No patients were waiting and no doctors or nurses were in sight until a nurse called me in for the test. After that I couldn’t leave without pressing a button so someone could let me out.
The nurse had checked a mole on my body and advised me to deal with my GP. I went home, asked my husband to photograph it, then logged into the surgery website on my PC, completed my e-consultation online and sent it in to my own doc with the photo attached. A few hours later he came back to me online asking for another photo next month to see if it had changed.
That’s how it goes. Doctors are generally working on phones or computers, like office executives. I’m sure if it was vital for them to really examine someone in full PPE gear they would, with a pre-booked, prepared appointment.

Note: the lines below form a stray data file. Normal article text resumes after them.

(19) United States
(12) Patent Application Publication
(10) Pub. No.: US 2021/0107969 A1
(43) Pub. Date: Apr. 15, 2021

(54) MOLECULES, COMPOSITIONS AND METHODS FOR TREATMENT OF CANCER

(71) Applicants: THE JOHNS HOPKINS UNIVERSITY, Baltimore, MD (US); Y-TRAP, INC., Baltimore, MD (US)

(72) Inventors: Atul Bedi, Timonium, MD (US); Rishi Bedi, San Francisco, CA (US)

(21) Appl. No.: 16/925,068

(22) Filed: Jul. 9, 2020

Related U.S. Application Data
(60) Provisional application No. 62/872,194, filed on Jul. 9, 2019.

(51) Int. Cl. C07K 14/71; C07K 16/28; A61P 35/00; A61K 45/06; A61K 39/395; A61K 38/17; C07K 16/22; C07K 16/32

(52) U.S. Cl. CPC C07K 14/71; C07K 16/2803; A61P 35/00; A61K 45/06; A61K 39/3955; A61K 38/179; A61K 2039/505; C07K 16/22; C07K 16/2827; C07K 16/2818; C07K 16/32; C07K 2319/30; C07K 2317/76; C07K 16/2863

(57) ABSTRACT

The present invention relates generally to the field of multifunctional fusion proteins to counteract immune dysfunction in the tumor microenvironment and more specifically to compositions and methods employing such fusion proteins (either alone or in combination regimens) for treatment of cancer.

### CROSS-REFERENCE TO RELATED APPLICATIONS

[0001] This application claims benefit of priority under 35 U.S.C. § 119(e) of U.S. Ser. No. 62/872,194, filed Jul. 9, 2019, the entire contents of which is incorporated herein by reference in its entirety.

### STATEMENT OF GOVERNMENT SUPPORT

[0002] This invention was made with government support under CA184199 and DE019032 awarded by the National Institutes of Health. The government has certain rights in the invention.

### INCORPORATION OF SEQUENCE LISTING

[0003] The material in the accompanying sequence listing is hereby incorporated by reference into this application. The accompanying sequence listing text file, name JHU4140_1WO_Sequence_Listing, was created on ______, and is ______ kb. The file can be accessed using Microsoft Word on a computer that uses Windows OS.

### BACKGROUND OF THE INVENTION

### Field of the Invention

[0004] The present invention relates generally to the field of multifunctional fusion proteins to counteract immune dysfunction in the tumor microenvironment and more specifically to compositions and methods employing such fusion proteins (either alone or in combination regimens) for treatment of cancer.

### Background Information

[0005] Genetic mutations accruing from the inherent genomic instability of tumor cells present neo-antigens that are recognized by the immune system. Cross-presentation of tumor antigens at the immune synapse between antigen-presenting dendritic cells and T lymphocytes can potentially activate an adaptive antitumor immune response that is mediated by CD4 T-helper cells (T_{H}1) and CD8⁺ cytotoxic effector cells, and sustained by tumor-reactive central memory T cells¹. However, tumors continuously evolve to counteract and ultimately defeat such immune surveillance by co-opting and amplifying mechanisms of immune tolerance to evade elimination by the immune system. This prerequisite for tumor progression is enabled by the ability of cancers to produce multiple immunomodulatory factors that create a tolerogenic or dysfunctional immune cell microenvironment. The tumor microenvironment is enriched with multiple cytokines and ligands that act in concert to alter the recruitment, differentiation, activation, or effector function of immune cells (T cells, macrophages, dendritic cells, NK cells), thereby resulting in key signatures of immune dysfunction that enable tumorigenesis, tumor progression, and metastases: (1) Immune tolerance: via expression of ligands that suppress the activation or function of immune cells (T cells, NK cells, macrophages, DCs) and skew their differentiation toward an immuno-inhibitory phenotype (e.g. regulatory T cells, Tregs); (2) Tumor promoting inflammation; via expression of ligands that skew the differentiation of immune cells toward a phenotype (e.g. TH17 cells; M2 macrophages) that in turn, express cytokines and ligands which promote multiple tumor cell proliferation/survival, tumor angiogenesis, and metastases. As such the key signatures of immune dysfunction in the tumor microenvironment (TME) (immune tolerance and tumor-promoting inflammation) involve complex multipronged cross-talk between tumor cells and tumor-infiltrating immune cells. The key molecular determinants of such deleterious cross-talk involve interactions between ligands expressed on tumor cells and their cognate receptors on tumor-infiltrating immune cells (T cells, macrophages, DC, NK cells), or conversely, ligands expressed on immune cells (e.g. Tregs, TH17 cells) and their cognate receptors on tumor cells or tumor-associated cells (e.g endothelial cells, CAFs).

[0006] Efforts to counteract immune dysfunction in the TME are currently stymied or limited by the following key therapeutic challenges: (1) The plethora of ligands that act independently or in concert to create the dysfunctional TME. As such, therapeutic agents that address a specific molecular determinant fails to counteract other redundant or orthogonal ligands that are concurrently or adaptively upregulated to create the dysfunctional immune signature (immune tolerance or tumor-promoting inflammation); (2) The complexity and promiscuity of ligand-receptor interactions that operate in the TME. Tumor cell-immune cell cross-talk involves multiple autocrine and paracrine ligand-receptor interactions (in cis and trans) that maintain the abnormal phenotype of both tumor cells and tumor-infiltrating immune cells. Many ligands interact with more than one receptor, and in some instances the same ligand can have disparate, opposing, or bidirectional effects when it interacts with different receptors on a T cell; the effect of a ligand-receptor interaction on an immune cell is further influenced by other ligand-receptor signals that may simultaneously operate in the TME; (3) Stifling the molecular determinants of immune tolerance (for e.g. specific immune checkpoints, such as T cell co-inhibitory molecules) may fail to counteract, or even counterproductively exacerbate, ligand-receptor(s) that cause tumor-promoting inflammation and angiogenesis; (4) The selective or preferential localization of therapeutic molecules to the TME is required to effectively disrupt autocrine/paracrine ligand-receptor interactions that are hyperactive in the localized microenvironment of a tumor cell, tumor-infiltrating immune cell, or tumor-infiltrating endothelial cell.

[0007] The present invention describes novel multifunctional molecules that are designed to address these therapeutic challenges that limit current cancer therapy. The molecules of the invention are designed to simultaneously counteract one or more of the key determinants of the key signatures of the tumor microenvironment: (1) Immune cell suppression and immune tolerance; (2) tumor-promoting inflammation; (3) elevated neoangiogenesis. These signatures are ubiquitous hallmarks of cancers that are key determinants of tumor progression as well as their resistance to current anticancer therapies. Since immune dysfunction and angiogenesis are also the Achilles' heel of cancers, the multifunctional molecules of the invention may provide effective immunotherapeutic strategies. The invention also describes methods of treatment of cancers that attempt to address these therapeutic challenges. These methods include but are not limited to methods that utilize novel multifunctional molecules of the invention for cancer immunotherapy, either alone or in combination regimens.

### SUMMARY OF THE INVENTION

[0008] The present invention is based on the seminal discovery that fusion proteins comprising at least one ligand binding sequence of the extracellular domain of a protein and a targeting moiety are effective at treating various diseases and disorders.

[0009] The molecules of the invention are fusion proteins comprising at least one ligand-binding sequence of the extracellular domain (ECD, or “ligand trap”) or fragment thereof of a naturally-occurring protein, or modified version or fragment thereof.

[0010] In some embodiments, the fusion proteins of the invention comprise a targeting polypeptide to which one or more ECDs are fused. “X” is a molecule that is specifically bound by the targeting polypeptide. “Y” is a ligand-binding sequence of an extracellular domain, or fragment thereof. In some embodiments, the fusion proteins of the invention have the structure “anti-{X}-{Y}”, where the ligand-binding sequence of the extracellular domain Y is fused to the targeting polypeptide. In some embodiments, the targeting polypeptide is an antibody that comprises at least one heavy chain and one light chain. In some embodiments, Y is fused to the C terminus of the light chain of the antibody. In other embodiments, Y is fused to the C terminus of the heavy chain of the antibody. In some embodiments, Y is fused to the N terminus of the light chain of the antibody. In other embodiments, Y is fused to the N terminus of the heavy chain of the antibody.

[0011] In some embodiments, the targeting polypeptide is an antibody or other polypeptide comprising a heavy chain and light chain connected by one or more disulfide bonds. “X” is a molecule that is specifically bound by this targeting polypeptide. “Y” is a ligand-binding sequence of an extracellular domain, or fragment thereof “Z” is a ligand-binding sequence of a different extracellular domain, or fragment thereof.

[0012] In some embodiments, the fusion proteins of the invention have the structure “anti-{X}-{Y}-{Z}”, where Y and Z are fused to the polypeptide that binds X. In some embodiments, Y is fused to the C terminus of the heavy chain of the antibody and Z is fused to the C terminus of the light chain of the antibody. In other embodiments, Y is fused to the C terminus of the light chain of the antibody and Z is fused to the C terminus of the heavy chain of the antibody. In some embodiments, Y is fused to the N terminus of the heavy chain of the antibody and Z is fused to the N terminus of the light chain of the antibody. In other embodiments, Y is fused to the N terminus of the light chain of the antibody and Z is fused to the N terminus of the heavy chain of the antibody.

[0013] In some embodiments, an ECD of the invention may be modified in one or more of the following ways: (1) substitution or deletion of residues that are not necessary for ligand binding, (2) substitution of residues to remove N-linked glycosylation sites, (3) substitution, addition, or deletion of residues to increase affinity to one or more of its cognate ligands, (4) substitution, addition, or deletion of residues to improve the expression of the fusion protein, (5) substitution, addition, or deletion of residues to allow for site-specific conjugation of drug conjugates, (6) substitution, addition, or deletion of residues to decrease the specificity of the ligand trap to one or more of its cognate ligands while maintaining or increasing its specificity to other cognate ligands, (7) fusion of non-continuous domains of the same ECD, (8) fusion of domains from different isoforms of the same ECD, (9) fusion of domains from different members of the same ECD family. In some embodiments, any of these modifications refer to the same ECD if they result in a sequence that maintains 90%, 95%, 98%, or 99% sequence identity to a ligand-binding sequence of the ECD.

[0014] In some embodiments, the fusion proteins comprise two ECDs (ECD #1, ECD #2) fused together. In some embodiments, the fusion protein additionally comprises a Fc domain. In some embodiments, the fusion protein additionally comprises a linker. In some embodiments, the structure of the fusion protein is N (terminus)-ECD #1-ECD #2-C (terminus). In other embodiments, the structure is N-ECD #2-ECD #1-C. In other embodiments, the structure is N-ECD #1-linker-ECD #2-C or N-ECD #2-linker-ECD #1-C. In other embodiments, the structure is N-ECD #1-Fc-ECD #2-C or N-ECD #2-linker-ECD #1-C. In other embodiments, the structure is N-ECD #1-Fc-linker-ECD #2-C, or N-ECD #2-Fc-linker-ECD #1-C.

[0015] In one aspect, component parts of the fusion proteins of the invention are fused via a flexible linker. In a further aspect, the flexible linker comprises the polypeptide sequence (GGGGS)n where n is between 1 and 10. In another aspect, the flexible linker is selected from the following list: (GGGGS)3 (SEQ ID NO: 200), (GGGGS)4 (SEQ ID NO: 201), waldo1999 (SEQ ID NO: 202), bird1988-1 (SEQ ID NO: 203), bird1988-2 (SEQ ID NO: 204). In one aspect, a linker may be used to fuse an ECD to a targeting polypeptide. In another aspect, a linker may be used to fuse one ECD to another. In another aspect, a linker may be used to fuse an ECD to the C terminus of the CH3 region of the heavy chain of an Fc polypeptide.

It’s logical because 30 or so patients in a waiting room could infect each other – and their doc – with Covid-19. After each patient in the examination room, it would have to be sanitised.
I know, from both a surgery GP and one in my family, that much of this began as a coronavirus solution, but will continue in future. It saves patients’ time and effort going to the surgery especially if they feel ill, and saves doctors dealing face-to-face with dozens a day.
The exceptions might be elderly patients who relate to Dr Finlay and Doc Martin, and don’t have a PC!